Bad Moon Rising: The 99.5% Act Could Eliminate or Reduce Effectiveness of Critical Estate-Planning Tools
If legislation introduced in the US Senate on March 25, 2021, ultimately passes intact or mostly so, it could introduce the most sweeping changes in federal estate and gift taxation in at least the last 70 years. The proposed legislation would dramatically reduce the estate and generation-skipping tax exemption, the gift tax exemption, eliminate the current step-up in basis in assets at death for income tax purposes, and eliminate significant other estate-planning strategies.
In its current form, the legislation’s current and likely effective date is for gifts made and decedents dying after Dec. 31, 2021 – providing the remainder of this year as a planning window. The time is now for individuals having potentially taxable estates under the coming American Jobs Act to review their estate plans and consider incorporating estate tax-reduction techniques that could soon disappear. Additionally, they should work with their estate planner to review how such legislation could affect the continuing efficacy of techniques and estate planning documents such as irrevocable life insurance trusts (“ILITs”), other “grantor trusts,” and their revocable trust provisions.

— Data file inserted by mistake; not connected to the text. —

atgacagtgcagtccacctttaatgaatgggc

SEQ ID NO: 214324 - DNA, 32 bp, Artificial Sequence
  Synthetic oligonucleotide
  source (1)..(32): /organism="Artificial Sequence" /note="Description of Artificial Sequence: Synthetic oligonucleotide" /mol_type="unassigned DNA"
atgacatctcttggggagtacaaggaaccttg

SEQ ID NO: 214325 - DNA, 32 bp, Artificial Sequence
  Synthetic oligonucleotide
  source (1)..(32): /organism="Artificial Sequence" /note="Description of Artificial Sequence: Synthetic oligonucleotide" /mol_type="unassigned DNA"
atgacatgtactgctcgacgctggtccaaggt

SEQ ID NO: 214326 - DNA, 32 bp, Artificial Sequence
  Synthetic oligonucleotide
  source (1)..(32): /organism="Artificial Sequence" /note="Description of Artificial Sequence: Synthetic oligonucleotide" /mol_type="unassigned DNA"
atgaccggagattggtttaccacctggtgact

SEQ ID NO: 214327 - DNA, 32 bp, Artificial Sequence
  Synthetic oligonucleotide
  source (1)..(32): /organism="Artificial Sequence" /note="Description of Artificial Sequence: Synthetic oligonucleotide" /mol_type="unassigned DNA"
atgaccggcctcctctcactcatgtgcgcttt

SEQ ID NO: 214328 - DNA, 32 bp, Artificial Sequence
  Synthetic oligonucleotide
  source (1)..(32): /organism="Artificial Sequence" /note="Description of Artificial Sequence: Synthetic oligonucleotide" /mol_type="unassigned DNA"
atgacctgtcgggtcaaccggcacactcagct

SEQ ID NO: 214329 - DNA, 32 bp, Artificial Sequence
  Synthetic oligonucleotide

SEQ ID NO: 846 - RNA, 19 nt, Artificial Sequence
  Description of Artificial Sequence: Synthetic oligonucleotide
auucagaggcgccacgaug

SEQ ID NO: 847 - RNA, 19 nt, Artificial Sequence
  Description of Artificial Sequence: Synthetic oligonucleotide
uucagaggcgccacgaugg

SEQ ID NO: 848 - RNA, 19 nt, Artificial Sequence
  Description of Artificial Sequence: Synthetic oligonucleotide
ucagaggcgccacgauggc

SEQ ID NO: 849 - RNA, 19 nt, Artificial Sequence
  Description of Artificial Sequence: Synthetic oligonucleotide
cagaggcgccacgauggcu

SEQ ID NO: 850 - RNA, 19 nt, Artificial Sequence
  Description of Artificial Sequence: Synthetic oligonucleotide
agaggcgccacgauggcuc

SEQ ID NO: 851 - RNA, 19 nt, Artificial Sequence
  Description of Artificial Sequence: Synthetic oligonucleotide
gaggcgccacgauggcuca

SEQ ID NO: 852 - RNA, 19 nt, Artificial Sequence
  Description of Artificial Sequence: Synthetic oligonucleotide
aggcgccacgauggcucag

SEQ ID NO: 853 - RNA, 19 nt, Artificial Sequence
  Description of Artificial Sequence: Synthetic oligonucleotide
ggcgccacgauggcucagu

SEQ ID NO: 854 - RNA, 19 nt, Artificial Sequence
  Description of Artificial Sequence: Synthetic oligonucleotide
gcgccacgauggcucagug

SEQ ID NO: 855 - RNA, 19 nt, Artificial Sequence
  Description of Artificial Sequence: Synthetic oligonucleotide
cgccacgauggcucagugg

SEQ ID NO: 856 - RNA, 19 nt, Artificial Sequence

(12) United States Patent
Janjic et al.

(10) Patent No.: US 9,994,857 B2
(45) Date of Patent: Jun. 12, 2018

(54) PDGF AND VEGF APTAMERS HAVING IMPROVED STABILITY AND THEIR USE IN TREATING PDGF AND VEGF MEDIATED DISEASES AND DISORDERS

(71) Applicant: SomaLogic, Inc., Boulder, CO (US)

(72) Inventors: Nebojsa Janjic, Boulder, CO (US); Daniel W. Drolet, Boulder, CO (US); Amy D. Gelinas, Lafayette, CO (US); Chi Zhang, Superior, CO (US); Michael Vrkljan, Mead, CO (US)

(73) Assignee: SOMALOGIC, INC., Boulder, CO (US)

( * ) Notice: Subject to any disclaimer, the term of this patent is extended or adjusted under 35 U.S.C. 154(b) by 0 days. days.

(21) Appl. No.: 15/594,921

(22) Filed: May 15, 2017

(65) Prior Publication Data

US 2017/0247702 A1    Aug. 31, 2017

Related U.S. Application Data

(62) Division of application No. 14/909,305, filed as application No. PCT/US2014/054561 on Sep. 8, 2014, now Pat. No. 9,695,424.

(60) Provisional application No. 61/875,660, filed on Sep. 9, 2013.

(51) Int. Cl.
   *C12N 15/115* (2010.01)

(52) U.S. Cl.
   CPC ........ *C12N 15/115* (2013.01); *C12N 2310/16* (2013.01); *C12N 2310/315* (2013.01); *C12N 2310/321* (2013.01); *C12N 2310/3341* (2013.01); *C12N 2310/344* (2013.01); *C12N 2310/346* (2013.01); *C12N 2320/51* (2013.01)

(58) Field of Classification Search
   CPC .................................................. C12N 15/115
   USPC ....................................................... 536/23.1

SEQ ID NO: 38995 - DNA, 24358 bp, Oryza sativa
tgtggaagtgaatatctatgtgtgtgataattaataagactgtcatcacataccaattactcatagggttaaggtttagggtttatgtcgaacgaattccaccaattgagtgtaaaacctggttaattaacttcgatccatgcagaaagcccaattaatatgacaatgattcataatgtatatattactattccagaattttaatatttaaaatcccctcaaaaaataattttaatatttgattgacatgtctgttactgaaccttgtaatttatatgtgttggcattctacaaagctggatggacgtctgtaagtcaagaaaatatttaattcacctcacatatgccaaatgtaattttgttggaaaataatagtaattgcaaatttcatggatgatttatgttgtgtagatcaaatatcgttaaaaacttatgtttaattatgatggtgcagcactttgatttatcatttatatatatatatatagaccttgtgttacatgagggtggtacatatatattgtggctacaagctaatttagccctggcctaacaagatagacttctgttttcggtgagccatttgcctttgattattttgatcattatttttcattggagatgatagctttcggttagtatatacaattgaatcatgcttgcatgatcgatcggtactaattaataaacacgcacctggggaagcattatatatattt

The proposed legislation, which has been termed the 99.5% Act, incorporating much of President Biden’s tax plan, as well as substantial additional revenue enhancement provisions, was recently introduced by Senators Bernie Sanders and Sheldon Whitehouse in the US Senate as a stand-alone tax bill. It incorporates very broad changes in federal estate and gift taxation, including the first actual reduction since its inception in the federal gift and estate tax exemption or its equivalent (hereinafter “estate tax exemption”). A similar bill was introduced by Sen. Sanders last year. The Act – or a majority of its provisions – are almost certain to be melded into President Biden’s recently proposed approximately $2 trillion infrastructure plan. The plan was introduced to the public on March 31, 2021, as the Made in America Jobs Act of 2021 as an integral part of its financing, particularly under any “reconciliation process” that would permit its passage by a majority Senate vote outside of a filibuster. The plan provisions with the greatest adverse impact on estate planning include the following: